Except for trains and flights, there is no other mode of passenger and freight movement between the two states. Rohan Davadass, a 21-year-old from Bengaluru who was on his way to Cyprus for his first job as a radio officer aboard a ship had to fork out Rs 6,000 for a flight ticket to Coimbatore from Bengaluru last week. As his agent was based in Coimbatore, he had to go there first to sign documents.

“I had booked on a night service bus but got a message that the trip was cancelled on the day of the journey. As there were no train tickets available, I was forced to fly, borrowing money from my dad,” says Rohan who managed to reach Coimbatore on time and from there flew to Mumbai and onward to Cyprus via Turkey.

The estimated loss to commerce is said to be in the region of a few thousand crore. “For two days of forced closure in Bengaluru, the ASSOCHAM had put the loss at a whopping Rs 25,000 crore or $4 billion. Going by the same token, the loss due to the border closure alone could run into at least $10 billion for the month. But, nobody is putting a figure to the losses incurred yet as it is still an ongoing problem,” says Shanmugham.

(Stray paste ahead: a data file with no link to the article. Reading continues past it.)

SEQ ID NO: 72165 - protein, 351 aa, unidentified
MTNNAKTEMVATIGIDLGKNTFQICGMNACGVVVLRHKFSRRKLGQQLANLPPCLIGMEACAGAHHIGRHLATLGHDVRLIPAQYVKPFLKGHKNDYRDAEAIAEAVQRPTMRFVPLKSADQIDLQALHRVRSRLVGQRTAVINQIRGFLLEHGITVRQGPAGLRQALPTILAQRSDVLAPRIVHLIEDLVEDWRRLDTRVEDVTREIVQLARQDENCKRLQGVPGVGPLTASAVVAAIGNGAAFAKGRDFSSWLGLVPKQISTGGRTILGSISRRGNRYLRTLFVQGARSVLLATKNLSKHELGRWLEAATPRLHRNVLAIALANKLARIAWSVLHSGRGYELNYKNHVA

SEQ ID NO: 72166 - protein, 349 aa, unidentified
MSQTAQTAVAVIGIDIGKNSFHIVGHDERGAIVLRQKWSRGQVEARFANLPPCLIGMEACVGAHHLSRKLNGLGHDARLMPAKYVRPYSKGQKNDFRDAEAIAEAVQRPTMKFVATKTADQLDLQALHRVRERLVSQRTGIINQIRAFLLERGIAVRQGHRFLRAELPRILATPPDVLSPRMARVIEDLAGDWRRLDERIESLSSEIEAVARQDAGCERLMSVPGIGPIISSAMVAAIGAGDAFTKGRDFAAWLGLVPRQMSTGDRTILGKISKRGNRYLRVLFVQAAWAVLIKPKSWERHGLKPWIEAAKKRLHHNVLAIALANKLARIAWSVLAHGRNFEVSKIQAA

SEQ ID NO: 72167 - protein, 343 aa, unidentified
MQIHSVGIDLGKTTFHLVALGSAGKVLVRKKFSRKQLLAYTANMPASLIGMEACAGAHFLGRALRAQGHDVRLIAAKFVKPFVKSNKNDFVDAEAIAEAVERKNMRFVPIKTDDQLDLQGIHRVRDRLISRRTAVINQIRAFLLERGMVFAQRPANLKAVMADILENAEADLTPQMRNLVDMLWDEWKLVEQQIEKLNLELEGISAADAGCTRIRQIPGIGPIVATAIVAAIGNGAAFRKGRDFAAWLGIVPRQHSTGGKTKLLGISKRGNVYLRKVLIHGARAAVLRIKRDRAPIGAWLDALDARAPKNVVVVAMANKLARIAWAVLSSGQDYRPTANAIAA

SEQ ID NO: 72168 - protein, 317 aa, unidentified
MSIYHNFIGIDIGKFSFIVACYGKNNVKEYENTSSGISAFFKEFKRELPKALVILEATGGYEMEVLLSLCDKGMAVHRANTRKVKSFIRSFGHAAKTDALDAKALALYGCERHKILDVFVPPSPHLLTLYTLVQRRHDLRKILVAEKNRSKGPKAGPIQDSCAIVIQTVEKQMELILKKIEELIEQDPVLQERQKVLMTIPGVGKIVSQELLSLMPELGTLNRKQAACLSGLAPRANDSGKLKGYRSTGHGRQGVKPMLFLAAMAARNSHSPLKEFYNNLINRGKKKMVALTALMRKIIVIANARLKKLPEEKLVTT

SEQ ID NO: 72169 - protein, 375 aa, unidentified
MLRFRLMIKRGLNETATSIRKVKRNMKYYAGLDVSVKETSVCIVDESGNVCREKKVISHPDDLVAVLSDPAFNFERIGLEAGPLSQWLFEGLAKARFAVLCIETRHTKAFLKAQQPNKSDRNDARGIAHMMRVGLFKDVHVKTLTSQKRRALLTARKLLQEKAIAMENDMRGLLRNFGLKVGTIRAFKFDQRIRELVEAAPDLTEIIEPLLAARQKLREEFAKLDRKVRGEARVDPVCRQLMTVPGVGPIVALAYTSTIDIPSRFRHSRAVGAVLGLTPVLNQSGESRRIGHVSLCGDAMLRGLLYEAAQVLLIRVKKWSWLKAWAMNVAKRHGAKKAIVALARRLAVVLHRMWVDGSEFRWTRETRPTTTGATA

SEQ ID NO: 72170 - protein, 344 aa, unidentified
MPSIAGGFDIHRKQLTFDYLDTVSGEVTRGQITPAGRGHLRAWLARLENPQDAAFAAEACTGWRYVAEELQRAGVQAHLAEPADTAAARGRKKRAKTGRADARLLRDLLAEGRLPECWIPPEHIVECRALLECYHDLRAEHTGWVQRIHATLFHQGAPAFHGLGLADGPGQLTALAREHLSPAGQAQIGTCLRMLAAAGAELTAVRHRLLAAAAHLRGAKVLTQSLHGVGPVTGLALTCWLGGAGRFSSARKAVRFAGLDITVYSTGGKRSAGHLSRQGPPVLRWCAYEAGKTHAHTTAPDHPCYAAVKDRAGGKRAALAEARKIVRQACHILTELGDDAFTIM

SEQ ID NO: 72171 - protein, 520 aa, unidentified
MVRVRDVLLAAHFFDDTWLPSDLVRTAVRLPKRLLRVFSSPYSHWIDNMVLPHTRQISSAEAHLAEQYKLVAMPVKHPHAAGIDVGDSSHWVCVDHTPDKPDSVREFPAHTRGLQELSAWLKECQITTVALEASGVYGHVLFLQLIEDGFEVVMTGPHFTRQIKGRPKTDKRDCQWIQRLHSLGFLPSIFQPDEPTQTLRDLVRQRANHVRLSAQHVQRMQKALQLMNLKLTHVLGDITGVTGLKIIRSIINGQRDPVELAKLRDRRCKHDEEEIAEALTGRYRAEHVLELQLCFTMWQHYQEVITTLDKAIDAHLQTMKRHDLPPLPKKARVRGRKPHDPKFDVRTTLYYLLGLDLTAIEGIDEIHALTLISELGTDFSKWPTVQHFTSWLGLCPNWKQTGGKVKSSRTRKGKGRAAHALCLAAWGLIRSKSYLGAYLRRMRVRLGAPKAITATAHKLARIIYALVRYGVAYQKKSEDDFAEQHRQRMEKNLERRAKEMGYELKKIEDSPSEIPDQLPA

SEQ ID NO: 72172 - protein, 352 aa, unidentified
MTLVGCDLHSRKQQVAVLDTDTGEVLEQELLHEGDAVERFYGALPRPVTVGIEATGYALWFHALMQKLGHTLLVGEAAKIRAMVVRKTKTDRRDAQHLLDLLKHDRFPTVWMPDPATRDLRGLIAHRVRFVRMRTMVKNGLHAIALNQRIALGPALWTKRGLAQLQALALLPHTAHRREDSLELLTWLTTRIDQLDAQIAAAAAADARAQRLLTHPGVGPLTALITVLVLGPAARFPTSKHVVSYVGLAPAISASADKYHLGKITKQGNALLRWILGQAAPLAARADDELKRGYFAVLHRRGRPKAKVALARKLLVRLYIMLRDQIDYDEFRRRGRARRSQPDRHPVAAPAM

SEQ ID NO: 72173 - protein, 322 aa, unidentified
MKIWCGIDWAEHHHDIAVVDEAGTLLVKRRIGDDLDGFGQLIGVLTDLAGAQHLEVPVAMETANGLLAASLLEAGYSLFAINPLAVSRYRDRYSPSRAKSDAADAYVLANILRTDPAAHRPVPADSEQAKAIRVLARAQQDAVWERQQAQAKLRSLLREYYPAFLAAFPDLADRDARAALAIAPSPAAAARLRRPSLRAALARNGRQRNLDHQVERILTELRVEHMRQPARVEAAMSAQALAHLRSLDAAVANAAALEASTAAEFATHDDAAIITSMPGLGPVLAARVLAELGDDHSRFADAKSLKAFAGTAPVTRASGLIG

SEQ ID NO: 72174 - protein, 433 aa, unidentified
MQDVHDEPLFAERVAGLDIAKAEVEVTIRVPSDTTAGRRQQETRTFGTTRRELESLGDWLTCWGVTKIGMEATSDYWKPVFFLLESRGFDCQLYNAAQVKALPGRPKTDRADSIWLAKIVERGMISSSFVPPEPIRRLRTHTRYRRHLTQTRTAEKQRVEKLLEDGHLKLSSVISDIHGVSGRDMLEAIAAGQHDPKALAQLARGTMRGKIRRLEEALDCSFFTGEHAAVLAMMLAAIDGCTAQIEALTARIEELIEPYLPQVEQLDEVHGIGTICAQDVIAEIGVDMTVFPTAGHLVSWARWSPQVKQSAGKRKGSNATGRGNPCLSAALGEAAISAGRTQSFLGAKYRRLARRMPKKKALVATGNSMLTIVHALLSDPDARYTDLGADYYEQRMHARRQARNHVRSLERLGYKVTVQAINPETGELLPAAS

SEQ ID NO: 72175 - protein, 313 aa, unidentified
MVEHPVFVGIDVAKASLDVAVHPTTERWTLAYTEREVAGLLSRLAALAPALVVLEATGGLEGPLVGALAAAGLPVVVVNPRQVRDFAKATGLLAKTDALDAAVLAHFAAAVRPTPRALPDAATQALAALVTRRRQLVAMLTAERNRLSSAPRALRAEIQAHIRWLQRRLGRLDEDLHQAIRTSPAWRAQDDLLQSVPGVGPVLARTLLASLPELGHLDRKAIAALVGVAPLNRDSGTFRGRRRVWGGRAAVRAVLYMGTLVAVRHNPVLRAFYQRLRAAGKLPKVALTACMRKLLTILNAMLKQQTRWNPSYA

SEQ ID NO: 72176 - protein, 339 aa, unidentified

The Karnataka State Road Transport Corporation has pegged its losses at Rs 60 lakh per weekday and at Rs 75 lakh every weekend. The Tamil Nadu state transport undertakings could also be bearing a similar loss. There is a larger loss because private and government passenger fleets also run through Tamil Nadu to reach Kerala. All vehicular movement to Kerala too has been disrupted.

The railways are not making any extra money during the crisis as most trains that run towards both Kerala and Tamil Nadu have 90 percent reserved berths and seats. Railway officials said as the capacity has not been increased, they are only witnessing 30 percent more demand in unreserved coaches.

It seems both states are waiting for the central government to intervene. Until then, movement across the borders is expected to be severely restricted.